In 2021, someone with the user name JiaT75 opened a GitHub account and made their first commit to an open source project.  They claimed it was just adding clearer error text when an untaring (aka uncompressing) process failed; at the time, it was added without comment, but in retrospect, it appears suspicious.  These changes have since been reverted. In April of 2022, Jia Tan (aka JiaT75) submitted a patch to Xz via the mailing list.  Around the same time, two people began badgering the maintainer of Xz to add another maintainer because patches were not happening fast or often enough.  Neither of these people had any history in the open source community, and after these messages they were never seen again.  Over the course of 2022, JiaT75 becomes the second most active contributor to the xz project.  In January of 2023 JiaT75 merges their first direct code change, which means they have now achieved a level of trust that allows them to implement the code for the back door.  Over the course of 2023, changes were regularly made as JiaT75 implemented the back door one piece at a time.  In February of 2024, the last few files were completed.     While this was happening, the hacker was contacting the leads of all the major Linux distributions to get them to install the updated version of xz utils.  Richard WM Jones from Redhat wrote about his contact with the hacker and Redhat’s scramble to remove the backdoor once they found it, and Ubuntu has also made public the post from Jia Tan asking them to include it.  This is an overview of the timeline, you can find an excellent detailed version with links to the GitHub submissions and e-mails here.    An Unlikely Discovery  With all the careful measures taken to make this look legit, how did they get caught?  Purely by a stroke of luck. Andres Freund, a developer working at Microsoft, was troubleshooting a performance issue on a Debian Linux system.  When you remember that no stable version of Debian was released with the vulnerability, and therefore he was working on an experimental version, the sheer luck behind this discovery is astounding.  He noticed that SSH logins were using too much CPU and recalled an error he had seen in Valgrind (a program used to monitor computer memory), so he put the pieces together.  Thanks to his keen eye and serious investigative skills, he traced the problem to xz utils and sent a missive to the Open Source Security List to describe the problem.    Most people never dig this deep into performance issues, and even if they do, it takes a lot of system knowledge to be able to trace them to the specific cause the way Freund did.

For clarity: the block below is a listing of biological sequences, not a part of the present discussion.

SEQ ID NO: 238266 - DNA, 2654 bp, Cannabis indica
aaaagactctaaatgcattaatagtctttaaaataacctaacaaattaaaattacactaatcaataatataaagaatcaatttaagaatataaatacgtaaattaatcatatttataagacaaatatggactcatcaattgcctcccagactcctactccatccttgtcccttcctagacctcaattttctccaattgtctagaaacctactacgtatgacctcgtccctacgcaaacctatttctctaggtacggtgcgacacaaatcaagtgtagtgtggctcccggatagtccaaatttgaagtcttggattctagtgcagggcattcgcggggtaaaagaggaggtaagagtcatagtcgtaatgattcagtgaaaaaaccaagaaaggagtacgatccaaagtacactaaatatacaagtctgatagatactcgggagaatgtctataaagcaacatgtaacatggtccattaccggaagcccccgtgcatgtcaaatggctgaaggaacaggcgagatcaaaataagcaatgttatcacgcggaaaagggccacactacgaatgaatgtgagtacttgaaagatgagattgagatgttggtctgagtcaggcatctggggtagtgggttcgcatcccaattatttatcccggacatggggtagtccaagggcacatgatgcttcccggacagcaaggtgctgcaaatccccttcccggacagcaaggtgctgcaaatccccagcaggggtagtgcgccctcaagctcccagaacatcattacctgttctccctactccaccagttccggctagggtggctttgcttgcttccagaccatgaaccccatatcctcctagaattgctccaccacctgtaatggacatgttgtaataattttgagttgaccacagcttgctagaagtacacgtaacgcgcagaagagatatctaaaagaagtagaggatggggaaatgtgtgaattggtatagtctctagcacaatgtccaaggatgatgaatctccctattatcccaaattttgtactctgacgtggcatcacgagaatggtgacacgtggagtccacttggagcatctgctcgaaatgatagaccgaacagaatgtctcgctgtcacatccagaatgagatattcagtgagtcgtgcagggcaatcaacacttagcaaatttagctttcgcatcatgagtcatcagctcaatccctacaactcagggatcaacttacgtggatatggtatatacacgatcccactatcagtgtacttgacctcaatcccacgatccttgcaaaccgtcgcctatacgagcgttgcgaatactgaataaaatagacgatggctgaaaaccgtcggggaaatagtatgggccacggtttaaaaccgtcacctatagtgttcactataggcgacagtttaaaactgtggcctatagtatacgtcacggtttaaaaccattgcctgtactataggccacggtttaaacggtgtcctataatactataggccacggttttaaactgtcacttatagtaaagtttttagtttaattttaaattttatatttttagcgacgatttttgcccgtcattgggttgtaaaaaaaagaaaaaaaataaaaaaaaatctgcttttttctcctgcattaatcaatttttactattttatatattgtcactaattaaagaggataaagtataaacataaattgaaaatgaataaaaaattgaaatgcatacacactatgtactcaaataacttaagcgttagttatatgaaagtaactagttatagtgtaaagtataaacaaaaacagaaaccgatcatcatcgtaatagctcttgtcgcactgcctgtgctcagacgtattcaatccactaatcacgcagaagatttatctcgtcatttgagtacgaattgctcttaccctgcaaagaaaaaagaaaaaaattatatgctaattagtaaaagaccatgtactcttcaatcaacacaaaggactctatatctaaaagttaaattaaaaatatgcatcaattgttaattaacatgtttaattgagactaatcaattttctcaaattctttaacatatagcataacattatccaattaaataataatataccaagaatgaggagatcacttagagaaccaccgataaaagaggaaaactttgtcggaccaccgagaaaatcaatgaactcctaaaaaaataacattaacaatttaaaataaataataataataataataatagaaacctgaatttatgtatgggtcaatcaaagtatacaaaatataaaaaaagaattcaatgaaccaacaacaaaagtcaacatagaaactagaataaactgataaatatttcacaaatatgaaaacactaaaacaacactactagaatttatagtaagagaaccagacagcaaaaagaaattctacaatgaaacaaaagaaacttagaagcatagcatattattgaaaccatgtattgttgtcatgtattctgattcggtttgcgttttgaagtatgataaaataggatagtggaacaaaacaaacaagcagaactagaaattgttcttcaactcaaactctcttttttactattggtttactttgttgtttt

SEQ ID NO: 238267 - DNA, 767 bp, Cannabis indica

We’re Safe Now, Right?…..Right?

Supply chain attacks are obviously not limited to open source software. After all, the reason most people know the term “Supply chain attack” is because of SolarWinds in 2020, which was most certainly not open source.  But still, this shows that open source software may be more vulnerable than others.  When the fake accounts began badgering Lasse Collin about lack of updates,  his response showed that the open source developers are subject to limited time, burnout, and other struggles just like closed source developers, and adding this on top of the fact that open source development is not paid, well…it’s easy to see how someone could make themselves popular very quickly, and how maybe new code is not always tested as thoroughly as it should be.  Again, this definitely isn’t a problem specific to open source, but it’s perhaps easier to exploit.  Regardless of the development method, we need to ramp up supply chain security across the board before the next attack is successful.